There are no adequate and well-controlled studies in pregnant women. Triamcinolone acetonide, like other corticosteroids, should be used during pregnancy only if the potential benefits justify the potential risk to the fetus. Since their introduction, experience with oral corticosteroids in pharmacologic as opposed to physiologic doses suggests that rodents are more prone to teratogenic effects from corticosteroids than humans. In addition, because there is a natural increase in corticosteroid production during pregnancy, most women will require a lower exogenous corticosteroid dose and many will not need corticosteroid treatment during pregnancy.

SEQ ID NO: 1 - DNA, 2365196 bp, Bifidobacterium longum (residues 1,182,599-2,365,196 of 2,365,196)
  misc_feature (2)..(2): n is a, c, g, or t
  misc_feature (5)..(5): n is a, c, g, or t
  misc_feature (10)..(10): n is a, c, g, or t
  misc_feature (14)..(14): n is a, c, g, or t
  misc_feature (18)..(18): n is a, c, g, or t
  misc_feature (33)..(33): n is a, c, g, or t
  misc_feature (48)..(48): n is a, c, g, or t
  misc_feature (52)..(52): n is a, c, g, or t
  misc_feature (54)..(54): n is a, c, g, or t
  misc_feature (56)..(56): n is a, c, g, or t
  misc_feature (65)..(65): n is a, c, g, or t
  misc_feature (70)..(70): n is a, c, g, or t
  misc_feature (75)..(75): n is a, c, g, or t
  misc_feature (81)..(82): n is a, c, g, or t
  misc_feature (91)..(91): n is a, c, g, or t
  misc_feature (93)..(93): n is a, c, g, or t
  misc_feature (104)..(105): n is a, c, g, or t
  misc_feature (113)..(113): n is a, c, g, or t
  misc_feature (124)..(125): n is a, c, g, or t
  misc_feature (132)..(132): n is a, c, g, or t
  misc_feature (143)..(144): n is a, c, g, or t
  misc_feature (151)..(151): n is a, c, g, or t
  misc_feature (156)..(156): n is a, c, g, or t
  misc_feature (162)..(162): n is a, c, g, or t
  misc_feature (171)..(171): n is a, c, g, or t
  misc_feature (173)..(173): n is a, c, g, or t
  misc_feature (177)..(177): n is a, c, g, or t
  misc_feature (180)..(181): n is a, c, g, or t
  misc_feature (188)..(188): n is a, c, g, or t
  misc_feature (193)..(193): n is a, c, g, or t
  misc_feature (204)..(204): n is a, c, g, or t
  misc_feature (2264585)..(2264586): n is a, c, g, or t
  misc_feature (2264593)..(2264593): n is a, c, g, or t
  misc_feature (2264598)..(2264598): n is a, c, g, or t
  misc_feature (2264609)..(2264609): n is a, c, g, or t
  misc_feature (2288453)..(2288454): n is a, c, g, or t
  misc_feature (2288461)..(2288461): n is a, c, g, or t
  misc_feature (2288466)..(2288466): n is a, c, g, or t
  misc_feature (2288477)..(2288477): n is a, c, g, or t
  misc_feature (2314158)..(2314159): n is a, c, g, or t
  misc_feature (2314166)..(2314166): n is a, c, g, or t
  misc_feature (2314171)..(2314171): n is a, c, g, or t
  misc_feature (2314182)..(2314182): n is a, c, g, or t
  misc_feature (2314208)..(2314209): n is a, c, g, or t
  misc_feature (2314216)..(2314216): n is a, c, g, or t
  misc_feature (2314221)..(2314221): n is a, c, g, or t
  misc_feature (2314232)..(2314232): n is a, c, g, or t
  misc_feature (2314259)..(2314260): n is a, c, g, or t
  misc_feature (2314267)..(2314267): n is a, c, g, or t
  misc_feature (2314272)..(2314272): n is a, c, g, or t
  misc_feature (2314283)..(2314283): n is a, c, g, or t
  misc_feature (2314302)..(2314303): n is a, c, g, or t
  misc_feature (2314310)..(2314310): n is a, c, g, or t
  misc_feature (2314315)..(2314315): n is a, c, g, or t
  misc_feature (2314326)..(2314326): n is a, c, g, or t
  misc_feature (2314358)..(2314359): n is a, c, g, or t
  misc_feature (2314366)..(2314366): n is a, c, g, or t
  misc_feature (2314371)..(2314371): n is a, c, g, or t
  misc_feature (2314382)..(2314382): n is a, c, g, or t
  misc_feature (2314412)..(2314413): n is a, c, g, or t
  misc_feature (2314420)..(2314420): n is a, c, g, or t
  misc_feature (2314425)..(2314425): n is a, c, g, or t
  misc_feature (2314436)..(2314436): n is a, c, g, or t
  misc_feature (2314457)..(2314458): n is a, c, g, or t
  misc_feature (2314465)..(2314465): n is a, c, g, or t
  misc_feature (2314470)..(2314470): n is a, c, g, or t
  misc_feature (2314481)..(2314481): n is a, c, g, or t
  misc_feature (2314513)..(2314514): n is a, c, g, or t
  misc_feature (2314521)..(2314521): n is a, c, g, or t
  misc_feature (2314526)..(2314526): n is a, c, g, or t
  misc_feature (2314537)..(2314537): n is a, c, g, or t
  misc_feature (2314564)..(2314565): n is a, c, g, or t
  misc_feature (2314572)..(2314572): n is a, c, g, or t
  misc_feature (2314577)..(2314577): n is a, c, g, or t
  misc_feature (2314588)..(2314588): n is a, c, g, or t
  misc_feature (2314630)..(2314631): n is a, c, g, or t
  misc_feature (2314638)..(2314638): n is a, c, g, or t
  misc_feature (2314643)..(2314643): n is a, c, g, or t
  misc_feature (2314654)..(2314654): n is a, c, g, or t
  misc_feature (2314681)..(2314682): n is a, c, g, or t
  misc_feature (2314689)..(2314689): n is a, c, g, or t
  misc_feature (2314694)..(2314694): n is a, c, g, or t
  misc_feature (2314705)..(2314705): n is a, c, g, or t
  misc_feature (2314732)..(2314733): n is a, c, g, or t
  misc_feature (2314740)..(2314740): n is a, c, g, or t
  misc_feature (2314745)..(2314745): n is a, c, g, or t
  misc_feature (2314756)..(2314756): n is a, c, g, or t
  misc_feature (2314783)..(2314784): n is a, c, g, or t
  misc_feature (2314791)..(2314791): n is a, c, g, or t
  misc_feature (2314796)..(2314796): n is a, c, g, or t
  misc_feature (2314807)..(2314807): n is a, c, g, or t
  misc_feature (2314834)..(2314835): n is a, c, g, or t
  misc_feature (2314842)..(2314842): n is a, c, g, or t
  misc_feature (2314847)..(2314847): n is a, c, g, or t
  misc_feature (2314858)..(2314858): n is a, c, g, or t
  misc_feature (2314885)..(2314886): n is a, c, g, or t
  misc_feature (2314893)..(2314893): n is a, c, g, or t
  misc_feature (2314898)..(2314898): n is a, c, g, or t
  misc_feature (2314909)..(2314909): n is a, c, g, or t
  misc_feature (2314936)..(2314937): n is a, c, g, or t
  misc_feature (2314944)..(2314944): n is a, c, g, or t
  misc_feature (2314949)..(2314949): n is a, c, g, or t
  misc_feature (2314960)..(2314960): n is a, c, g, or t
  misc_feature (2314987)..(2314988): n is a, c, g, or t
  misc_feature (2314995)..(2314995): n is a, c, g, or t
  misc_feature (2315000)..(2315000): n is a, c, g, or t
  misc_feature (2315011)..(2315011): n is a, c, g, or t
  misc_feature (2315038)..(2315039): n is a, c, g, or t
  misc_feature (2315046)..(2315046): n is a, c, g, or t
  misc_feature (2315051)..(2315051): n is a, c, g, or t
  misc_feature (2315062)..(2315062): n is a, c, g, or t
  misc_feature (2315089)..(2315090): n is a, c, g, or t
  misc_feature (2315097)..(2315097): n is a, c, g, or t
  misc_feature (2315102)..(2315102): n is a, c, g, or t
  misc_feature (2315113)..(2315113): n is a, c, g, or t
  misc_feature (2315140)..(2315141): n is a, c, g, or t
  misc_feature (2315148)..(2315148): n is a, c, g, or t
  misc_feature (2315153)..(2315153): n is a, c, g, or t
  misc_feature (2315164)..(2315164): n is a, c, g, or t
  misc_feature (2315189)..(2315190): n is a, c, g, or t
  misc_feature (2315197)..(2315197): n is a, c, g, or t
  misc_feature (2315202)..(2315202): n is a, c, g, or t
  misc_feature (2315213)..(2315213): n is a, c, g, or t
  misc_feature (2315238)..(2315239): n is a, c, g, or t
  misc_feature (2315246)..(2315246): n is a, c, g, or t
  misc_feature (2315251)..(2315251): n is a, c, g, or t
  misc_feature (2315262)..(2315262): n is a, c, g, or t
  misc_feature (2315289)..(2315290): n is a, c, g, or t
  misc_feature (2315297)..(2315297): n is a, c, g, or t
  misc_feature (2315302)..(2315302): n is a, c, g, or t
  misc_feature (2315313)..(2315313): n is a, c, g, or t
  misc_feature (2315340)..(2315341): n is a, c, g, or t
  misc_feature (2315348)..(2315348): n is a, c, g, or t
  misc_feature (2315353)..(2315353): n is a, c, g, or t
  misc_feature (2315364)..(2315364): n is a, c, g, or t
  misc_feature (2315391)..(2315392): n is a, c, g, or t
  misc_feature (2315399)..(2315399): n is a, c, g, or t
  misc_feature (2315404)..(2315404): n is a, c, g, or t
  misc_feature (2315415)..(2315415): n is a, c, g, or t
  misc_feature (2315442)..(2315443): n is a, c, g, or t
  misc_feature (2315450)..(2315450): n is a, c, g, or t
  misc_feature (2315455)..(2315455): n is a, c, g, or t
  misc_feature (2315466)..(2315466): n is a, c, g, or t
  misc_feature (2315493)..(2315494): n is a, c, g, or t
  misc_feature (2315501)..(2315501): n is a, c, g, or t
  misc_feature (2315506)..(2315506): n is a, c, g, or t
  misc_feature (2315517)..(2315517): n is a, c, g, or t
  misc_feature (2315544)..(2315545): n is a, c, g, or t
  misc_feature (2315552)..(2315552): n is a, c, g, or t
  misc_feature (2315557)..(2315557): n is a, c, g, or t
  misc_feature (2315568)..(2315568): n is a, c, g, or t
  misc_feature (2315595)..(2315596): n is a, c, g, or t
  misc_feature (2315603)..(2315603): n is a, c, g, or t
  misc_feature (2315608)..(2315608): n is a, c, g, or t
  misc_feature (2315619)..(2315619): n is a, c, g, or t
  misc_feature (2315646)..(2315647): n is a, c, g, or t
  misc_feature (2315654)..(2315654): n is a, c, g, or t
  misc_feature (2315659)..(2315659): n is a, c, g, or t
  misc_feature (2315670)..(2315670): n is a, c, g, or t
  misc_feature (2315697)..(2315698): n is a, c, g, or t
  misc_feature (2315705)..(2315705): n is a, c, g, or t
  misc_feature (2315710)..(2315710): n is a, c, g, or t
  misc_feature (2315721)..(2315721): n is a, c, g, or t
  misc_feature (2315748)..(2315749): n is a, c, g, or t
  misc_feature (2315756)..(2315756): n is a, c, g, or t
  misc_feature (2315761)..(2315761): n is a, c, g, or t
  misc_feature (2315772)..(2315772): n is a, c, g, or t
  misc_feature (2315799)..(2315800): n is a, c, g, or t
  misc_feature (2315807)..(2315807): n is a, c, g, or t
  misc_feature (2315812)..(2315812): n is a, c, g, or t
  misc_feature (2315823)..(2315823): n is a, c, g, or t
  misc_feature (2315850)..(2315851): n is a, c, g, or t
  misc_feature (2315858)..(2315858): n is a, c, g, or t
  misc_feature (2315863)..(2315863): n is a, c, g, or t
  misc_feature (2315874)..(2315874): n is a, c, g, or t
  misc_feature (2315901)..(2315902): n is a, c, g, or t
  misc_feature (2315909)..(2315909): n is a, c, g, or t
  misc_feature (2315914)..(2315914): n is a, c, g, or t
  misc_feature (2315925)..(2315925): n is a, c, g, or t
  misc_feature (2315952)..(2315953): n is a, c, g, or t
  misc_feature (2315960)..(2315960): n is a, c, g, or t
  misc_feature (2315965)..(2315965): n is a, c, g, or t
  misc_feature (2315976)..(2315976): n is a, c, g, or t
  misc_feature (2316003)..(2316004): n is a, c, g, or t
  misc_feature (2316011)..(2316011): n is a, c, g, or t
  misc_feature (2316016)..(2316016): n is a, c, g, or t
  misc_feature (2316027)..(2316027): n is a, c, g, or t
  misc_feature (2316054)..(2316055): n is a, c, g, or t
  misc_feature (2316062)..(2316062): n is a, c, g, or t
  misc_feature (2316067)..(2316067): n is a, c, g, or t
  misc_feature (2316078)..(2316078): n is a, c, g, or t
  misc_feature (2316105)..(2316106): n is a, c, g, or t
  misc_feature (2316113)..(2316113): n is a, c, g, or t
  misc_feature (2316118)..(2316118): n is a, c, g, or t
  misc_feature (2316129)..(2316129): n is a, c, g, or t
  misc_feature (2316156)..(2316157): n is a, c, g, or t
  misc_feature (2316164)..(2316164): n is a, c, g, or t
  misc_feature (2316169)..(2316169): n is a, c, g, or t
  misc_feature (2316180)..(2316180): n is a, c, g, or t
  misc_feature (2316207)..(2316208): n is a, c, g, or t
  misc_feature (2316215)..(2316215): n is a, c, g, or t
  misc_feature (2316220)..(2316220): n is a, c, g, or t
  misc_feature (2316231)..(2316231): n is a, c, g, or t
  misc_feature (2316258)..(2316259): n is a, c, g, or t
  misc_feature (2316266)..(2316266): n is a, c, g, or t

Hypoadrenalism may occur in infants born of mothers receiving corticosteroids during pregnancy. Such infants should be carefully observed.
It is not known whether triamcinolone acetonide is excreted in human breast milk. Because other corticosteroids are excreted in human milk, caution should be exercised when AllerNaze (triamcinolone acetonide nasal spray) is administered to nursing women.